Volume 47, Issue 11 - November 2012
The guide was written and assembled by a committee of architects, sustainability experts, and government building science officials, as well as AIA staff. It surveys members of the building design and construction industry to present baseline best practices for empirically evaluating the energy performance of buildings. Beyond defining and making a case for energy modeling, the primer walks users through different types of energy modeling and the individual tools and software available for it. As a relatively new technical specialty, the guide also discusses how to bring energy modeling to other building team members, such as engineers, as well as the clients.
Glazing and windows are also referenced in areas throughout the guide. For example, in a section on energy modeling for code compliance, the guide notes that the “new editions of both the International Energy Conservation Code and International Green Construction Code will require a greater understanding of the effects of a building’s energy consumption, in which code-compliant energy criteria have significant architectural implications, such as new daylighting requirements.” As an example, the guide says “the integration of windows into the building envelope is key to determining whether a building can be designed to meet prescriptive energy conservation requirements or will need to use performance requirements. Prescriptive requirements allow up to a certain ratio of glass to opaque wall area, above which the building will need an energy model to demonstrate code compliance.”
Tom Culp, industry consultant with Birch Point Consulting LLC in LaCrosse, Wis., says that while the guide only discusses fenestration in general terms, any efforts—especially from AIA—to further the use of energy performance modeling will be beneficial to the industry.
“Performance modeling encourages integrated design which, in turn, promotes flexibility and the best uses of glazing to optimize energy efficiency and daylighting,” he says. “Performance modeling is also critical for advanced products such as dynamic glazing, BIPV, vacuum glazing and shading systems to receive full credit for their performance.”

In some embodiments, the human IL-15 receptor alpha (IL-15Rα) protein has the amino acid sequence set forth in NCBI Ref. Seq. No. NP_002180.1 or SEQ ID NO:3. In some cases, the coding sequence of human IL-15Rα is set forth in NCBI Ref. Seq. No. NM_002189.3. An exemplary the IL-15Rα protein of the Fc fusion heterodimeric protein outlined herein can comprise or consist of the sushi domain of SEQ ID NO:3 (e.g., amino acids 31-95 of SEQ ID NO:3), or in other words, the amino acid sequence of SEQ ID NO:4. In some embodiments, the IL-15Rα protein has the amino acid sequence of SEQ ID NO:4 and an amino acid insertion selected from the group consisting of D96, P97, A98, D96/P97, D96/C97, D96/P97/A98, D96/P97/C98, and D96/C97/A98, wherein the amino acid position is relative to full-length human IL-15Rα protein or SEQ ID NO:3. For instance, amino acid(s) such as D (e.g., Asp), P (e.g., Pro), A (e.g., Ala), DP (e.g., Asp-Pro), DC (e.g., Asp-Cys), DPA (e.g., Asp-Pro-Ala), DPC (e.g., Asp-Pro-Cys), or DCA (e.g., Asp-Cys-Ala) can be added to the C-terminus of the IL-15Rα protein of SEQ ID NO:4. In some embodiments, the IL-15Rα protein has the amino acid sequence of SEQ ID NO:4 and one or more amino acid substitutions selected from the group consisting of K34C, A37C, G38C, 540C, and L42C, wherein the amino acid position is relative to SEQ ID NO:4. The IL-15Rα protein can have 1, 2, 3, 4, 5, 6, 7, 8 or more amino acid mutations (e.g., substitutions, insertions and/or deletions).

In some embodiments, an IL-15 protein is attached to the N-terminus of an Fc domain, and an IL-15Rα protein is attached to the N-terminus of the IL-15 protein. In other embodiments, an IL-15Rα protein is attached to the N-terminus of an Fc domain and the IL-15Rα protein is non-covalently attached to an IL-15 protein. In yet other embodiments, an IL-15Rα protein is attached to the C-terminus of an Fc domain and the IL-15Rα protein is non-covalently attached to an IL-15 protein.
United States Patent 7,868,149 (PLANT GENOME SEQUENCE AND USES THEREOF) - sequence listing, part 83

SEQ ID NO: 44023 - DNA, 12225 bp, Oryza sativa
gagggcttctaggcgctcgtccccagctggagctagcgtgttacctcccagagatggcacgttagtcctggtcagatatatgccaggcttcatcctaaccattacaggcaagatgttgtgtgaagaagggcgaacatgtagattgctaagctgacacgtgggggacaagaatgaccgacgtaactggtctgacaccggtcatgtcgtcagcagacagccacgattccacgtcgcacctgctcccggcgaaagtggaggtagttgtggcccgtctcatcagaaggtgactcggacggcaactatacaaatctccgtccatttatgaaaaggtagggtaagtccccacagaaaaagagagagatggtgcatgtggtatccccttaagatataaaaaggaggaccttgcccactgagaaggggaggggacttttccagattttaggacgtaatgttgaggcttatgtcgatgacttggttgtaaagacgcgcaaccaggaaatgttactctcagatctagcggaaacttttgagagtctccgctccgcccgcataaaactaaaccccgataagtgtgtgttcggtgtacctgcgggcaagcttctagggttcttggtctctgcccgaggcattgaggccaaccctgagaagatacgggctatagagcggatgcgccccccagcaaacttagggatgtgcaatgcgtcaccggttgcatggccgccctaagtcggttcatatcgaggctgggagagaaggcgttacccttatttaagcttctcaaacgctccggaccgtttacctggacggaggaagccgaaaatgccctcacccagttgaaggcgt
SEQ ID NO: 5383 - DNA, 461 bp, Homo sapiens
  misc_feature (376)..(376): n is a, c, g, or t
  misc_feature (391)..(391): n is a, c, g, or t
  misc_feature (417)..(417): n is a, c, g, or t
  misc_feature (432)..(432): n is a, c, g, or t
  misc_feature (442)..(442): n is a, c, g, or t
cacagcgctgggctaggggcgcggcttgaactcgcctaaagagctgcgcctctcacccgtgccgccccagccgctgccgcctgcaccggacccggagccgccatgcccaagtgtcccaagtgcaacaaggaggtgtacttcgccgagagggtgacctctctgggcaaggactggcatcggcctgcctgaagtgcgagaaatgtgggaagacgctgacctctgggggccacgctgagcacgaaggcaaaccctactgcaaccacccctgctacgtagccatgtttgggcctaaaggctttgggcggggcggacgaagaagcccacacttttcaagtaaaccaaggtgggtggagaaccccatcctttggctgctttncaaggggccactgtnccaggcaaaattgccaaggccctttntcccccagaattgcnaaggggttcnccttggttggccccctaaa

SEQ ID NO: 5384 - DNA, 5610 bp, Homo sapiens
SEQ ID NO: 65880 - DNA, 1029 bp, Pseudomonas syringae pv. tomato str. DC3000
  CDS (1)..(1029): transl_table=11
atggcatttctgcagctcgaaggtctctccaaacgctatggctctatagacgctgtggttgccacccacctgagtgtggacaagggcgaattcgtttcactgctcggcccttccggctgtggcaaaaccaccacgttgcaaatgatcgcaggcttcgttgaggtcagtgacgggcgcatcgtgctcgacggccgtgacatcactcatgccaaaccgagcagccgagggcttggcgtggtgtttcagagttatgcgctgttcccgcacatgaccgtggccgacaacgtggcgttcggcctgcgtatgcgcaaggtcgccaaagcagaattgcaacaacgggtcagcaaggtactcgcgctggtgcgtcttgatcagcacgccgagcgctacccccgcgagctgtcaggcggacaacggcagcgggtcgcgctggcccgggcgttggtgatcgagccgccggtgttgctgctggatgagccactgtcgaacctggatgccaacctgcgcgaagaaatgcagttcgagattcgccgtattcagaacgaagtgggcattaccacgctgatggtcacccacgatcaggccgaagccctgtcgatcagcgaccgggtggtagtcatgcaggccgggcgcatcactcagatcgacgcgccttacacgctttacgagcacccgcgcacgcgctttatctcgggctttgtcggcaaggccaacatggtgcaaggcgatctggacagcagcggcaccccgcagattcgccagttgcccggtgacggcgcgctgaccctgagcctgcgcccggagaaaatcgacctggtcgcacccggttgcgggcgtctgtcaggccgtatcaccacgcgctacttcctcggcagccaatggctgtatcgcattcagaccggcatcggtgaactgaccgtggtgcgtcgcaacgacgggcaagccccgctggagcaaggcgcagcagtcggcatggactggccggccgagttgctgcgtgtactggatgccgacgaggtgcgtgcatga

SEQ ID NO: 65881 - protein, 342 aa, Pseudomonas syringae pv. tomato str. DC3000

Cities such as Washington, D.C, San Francisco and Philadelphia have passed legislation requiring nonresidential building owners to measure and report their buildings’ annual energy use.
NFRC Board Approves CMA Trail Audit Ballot
According to the NFRC, the ballot modifies the NFRC 705: Component Modeling Approach-Product Certification Program document by revising the language to cover situations where the information needed for the documentation audit is not available at the time the label certificate is issued. NFRC notes that the information needed for the documentation audit is not usually available until the project has been constructed, which can sometimes be many months after the label certificate is created. The new language requires that the audit documentation needs to be submitted within 30 days after the documentation becomes available and that if the documentation is not available within one year, that a different label certificate is selected for the audit.
Long Term Assessment of Green Construction
“To date, owners have acted on compelling benefits from their green investments, mainly savings in energy, water, waste and lowered operating costs,” says Harvey Bernstein, vice president of industry insights and alliances at McGraw-Hill Construction. “However, these are only a fraction of the advantages offered by green buildings—missing is a quantification of the full triple bottom line benefits from these investments, especially around the social benefits to human performance and well-being.”
EPA Delays Commercial Lead Paint Rule Until 2015
In April 2010 the EPA had requested input on the potential for regulating the renovation, repair and painting of public and commercial buildings under section 402(c)(3) of the Toxic Substances Control Act (TSCA). The agency aimed to determine whether lead-based paint hazards are created by interior renovation, repair and painting projects in public and commercial buildings. For those renovations in the interiors of public and commercial buildings that create lead-based paint hazards, EPA would propose regulations to address these hazards.
The EPA’s Office of the Inspector General (OIG) recently completed a report on the Lead Renovation Repair and Painting Program rule, and questioned the additional costs that are required by the rule, instated in the residential market in October 2010.
“EPA’s decision to include non-mandatory work practices in official training programs may result in additional unaccounted-for costs that would be incurred by businesses that attempt to comply with EPA training guidance,” wrote the OIG in a July 25 report. “Sound data on the rule’s benefits were also not available at the time of the rulemaking, and this limitation was known to EPA and its scientific advisory committee. However, EPA went forward with the rule because its benefit-cost analysis indicated that the rule generated substantial benefits, and because EPA was legally obligated to issue the rule.
A proposal for exterior renovations for public and commercial
buildings was originally slated to be issued by September 14, 2012, and
finalized by February 2014, according to an announcement issued by the
National Association of Home Builders (NAHB). In its latest efforts, NAHB
petitioned the agency to revise the residential rule and economic analysis
in the absence of an “improved” pre-renovation test kit and has continued
to express concern about the enforcement of the residential LRRP rule.